It gives children the chance to look at and become familiar with medical tools in their own time and in a relaxed fashion. Children benefit more from medical play when given time to play with the items, and then process any emotional responses related to the items.

Let’s dive in and unpack a few of the many benefits associated with medical play.

Identification of Stressors and Solutions

When your child uses their teddy bear or stuffed toy as the patient, they have an opportunity to identify what is making the teddy bear feel worried, and what we can do to help. This conversation is an indirect way for children to identify their own stressors,  and possible solutions.

The conversation might sound something like this…

Caregiver: It’s time for teddy to get an NG tube. I see that teddy looks ______ (insert an emotion that mirrors the child, e.g. worried, sad, scared, excited, mad). What does he feel (scared, excited, mad, sad…) ______ about? Do you feel the same way as teddy when you get an NG tube?

Child: Teddy feels nervous that the tubie will get stuck and hurt when the nurse puts it in his nose.

Caregiver: What will help make this easier for teddy?

Child: Teddy will feel better if he drinks water when they put the tubie in, and he would like to watch something on his iPad.

This type of natural dialogue surrounding medical play helps your child unpack what is making them feel worried. It is also a great opportunity to learn and practice effective coping skills such as taking deep breaths, squeezing a stress ball, playing with a fidget toy, and holding a caregiver’s hand.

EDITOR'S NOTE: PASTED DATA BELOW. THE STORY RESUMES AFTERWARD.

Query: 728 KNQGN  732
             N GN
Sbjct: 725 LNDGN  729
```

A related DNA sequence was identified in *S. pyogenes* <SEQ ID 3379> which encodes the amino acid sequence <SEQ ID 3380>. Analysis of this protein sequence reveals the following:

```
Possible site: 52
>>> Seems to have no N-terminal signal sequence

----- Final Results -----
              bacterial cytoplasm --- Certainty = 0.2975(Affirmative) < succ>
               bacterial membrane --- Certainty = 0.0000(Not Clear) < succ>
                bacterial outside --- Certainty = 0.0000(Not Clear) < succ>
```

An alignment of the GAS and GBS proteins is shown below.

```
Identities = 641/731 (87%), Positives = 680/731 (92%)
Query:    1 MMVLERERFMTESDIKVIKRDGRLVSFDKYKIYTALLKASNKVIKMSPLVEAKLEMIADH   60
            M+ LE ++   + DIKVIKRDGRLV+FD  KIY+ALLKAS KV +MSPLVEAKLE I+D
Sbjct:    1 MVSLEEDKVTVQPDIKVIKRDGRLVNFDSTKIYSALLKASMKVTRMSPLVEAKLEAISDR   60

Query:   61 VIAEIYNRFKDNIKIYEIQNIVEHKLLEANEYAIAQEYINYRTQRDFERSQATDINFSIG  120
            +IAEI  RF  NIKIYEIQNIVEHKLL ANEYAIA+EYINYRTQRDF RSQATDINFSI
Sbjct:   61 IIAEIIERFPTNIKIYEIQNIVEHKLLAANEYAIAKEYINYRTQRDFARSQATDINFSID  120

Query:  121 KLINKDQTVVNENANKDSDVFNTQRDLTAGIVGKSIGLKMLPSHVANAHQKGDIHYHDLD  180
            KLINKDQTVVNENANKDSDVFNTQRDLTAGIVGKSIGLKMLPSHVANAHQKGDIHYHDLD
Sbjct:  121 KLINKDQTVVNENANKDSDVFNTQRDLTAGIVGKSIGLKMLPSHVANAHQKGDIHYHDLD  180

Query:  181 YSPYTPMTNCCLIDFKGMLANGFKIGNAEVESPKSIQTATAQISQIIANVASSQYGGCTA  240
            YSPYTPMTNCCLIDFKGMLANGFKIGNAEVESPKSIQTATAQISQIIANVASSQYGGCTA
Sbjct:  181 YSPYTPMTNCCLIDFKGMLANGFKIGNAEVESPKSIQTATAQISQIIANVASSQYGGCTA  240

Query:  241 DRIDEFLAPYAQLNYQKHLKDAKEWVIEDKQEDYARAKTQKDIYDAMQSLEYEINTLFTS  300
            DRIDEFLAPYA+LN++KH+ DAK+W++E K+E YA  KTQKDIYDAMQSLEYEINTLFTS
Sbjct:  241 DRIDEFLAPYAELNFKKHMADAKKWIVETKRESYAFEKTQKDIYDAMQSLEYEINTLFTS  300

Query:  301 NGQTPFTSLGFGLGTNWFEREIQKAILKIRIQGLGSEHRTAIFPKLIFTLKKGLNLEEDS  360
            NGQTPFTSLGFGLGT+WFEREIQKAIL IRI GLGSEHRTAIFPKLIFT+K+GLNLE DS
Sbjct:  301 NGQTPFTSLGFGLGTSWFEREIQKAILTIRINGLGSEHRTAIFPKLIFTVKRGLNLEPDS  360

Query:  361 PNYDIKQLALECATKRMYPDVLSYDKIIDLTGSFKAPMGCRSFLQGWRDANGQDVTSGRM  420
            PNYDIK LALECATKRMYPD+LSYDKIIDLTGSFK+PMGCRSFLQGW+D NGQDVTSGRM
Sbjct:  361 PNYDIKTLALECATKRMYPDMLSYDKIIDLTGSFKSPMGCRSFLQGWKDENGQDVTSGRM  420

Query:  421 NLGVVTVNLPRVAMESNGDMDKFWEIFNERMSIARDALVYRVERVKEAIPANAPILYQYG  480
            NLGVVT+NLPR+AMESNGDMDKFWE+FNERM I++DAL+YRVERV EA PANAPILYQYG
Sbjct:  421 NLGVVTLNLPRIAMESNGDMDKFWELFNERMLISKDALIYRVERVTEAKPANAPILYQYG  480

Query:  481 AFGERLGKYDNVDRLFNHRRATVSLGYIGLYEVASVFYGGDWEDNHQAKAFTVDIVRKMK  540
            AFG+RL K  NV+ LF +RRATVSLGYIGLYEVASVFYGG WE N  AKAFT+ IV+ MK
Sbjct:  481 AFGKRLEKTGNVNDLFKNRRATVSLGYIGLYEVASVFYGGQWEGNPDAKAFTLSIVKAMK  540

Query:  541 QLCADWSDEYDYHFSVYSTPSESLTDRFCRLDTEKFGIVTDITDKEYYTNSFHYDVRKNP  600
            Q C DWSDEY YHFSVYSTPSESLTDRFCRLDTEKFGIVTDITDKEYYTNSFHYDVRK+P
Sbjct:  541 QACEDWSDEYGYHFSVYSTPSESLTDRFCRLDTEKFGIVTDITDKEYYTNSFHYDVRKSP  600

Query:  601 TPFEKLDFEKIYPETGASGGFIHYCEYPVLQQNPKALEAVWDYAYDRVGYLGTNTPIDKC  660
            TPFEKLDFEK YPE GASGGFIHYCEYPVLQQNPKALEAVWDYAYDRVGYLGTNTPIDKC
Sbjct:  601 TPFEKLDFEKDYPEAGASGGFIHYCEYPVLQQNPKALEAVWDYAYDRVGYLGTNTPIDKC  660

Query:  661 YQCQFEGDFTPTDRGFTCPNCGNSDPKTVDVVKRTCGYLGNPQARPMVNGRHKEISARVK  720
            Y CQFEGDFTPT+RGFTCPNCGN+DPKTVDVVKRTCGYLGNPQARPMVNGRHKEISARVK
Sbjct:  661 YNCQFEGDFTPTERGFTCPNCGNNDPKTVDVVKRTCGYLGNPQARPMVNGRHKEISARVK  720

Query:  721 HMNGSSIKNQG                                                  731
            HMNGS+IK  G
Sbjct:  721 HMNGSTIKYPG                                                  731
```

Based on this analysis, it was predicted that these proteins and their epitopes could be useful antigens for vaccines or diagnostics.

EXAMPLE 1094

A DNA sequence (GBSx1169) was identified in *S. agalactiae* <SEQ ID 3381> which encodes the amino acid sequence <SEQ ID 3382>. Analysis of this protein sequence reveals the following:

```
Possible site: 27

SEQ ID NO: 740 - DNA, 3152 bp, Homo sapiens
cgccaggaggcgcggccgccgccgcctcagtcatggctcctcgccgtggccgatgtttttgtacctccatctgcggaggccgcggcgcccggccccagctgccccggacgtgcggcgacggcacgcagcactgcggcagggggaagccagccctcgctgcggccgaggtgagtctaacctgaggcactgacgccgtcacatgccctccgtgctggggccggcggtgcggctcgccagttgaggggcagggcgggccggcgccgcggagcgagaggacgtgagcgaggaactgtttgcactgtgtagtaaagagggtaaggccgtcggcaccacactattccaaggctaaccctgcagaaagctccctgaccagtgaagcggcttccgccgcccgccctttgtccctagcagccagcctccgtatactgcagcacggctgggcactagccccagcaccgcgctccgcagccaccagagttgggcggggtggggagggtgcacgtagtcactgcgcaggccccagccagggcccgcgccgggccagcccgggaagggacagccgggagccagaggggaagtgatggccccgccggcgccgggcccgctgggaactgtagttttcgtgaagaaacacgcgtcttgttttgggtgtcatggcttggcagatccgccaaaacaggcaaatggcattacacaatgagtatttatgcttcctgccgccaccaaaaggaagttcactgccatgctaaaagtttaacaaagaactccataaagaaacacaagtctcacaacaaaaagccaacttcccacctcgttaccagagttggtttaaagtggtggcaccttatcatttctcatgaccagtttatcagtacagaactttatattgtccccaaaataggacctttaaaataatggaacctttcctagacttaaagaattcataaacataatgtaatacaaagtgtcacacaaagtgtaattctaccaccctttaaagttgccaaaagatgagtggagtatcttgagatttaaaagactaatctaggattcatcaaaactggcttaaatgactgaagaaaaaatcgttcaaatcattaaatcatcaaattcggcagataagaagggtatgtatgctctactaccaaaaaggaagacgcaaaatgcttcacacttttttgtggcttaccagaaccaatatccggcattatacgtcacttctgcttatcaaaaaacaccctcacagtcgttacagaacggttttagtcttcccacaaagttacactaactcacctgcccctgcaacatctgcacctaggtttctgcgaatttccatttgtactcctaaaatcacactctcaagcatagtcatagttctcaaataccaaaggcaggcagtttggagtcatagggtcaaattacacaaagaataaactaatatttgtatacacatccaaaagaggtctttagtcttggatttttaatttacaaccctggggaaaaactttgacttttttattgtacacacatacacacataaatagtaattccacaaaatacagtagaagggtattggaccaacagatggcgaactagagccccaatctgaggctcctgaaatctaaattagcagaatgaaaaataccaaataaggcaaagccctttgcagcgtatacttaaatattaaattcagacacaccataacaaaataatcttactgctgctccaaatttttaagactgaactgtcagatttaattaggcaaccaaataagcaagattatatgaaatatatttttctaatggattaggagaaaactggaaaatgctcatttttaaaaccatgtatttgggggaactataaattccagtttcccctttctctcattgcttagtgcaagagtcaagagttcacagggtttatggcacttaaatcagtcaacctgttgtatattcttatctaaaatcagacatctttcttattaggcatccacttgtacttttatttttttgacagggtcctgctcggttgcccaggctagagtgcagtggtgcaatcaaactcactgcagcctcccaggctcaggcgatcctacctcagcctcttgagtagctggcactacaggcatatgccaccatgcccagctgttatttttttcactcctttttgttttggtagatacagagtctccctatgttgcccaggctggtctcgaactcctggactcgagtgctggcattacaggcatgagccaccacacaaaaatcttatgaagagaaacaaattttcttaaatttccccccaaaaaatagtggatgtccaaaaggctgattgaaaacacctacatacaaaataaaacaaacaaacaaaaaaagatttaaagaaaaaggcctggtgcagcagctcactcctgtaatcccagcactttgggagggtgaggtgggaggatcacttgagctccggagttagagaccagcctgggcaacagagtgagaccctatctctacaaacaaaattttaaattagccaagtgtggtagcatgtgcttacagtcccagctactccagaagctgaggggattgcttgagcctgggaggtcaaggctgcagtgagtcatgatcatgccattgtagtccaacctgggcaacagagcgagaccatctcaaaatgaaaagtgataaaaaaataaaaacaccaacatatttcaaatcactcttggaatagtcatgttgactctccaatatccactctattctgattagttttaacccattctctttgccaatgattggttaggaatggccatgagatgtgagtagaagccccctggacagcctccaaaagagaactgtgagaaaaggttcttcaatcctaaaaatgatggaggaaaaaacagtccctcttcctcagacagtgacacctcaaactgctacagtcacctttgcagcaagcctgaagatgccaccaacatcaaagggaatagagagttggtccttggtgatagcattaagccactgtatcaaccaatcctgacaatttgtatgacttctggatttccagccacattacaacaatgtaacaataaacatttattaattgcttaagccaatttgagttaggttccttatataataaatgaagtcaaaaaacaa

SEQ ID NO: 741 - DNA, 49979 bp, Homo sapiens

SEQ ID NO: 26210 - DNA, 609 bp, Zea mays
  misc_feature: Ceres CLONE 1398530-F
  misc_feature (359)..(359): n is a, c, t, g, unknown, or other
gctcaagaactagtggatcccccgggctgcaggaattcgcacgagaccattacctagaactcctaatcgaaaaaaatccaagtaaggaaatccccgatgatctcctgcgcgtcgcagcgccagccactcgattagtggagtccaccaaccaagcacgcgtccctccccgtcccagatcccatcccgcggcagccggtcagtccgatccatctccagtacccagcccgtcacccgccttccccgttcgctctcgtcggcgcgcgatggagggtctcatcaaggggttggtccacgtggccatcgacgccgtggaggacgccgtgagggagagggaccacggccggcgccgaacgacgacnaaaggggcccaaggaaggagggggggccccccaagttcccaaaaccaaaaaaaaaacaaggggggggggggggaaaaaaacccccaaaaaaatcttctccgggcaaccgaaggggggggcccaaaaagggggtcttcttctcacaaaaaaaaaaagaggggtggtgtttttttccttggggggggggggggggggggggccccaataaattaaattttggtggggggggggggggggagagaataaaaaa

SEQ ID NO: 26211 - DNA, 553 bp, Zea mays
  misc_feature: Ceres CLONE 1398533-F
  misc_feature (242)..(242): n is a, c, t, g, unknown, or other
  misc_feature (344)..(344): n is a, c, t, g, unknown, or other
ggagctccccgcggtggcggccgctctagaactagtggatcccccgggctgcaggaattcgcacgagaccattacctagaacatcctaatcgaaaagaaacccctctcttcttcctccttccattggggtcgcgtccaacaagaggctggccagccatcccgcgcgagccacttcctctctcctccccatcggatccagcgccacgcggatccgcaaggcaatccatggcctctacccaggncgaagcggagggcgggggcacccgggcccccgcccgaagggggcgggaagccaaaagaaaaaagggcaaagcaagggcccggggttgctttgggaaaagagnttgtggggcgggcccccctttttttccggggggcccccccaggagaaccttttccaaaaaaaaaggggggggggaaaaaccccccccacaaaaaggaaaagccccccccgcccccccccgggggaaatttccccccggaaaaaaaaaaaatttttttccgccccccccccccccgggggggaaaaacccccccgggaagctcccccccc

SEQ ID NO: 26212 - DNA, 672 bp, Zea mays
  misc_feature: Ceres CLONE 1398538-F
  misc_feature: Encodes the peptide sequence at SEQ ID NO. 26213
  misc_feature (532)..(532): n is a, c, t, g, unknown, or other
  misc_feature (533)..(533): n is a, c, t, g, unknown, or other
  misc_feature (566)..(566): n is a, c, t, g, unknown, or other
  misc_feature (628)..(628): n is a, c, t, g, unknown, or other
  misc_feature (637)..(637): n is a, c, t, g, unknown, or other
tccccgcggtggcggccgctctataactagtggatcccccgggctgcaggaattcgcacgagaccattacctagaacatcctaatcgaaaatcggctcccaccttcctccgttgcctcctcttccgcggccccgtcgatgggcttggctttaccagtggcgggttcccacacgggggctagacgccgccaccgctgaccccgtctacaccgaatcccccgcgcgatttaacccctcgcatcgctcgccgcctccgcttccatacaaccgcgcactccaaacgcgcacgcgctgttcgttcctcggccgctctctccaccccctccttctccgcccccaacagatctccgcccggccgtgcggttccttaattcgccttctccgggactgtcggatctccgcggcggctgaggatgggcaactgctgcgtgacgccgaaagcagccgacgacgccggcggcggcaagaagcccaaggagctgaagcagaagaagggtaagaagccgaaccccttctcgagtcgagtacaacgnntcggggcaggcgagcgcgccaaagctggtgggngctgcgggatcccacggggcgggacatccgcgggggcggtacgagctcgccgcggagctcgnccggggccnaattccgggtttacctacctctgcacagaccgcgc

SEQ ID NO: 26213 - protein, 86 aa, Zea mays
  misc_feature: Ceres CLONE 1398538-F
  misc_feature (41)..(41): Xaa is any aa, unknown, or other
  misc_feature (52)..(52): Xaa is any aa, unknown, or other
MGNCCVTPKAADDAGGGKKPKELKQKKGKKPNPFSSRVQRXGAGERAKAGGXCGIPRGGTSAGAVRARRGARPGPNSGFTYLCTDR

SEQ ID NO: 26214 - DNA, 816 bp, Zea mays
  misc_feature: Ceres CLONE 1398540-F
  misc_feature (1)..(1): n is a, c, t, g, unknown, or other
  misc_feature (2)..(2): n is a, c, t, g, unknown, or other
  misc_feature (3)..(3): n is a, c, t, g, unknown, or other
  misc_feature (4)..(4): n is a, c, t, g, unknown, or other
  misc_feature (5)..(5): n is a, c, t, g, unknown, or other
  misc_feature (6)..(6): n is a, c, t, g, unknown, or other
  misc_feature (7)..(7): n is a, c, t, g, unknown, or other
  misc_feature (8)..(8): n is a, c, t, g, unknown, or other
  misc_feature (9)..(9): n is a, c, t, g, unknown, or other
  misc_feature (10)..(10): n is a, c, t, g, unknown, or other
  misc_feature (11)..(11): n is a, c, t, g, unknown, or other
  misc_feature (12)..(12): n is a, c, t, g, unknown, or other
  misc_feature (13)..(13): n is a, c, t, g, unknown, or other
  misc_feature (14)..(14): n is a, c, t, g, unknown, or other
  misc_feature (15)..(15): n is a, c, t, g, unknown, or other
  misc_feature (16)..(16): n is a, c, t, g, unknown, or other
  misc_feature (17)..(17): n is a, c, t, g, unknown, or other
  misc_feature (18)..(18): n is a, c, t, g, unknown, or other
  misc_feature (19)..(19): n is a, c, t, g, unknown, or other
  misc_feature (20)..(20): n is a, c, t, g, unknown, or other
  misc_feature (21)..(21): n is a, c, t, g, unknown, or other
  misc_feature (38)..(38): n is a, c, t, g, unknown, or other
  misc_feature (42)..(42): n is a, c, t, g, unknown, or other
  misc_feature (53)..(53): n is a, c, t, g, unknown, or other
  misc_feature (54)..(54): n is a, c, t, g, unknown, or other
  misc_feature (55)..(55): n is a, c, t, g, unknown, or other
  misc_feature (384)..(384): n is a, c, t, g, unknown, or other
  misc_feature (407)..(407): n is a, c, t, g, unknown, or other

When a child plays out big feelings and anxieties around their own or a sibling’s healthcare experience, they feel better prepared for upcoming procedures. This helps you and the health care team mitigate future stressors.

A fuzzy, brown teddy bear sits on a table with a blue table cloth. The bear has red and black plaid feet, a cream snout, black eyes, a brown nose, and a black smile. A nasograstric tube and a gastrostomy tube are inserted, and an IV pole and IV fluids are seen to the side. Behind the bear is a teddy bear sized hospital bed and a green curtain.

This teddy bear is used for medical play. The child can share what the stuffie feels nervous about, and what will help them cope.

Mastery and Control

Let your child lead the play and discussion. It is important that children feel in control as much as possible throughout hospitalization. The child feels empowered if they get to pick what medical supplies are used throughout the play session, and letting them be the leader of play is also key to instilling mastery.

It can be helpful to bring a blank medical doll so your child can decorate it and create its story.  They can choose what the doll looks like, their name, what medical care they require, and how they like to have their medication/procedure.

Children feel greater control over their experience when they are given the chance to move and manipulate medical equipment and supplies in their own hands. They also love to be in charge of time. If a child is leading the play and communicates that they want to stop, this is often a cue that they feel overwhelmed, and need a break from information.

Normalizing Medical Equipment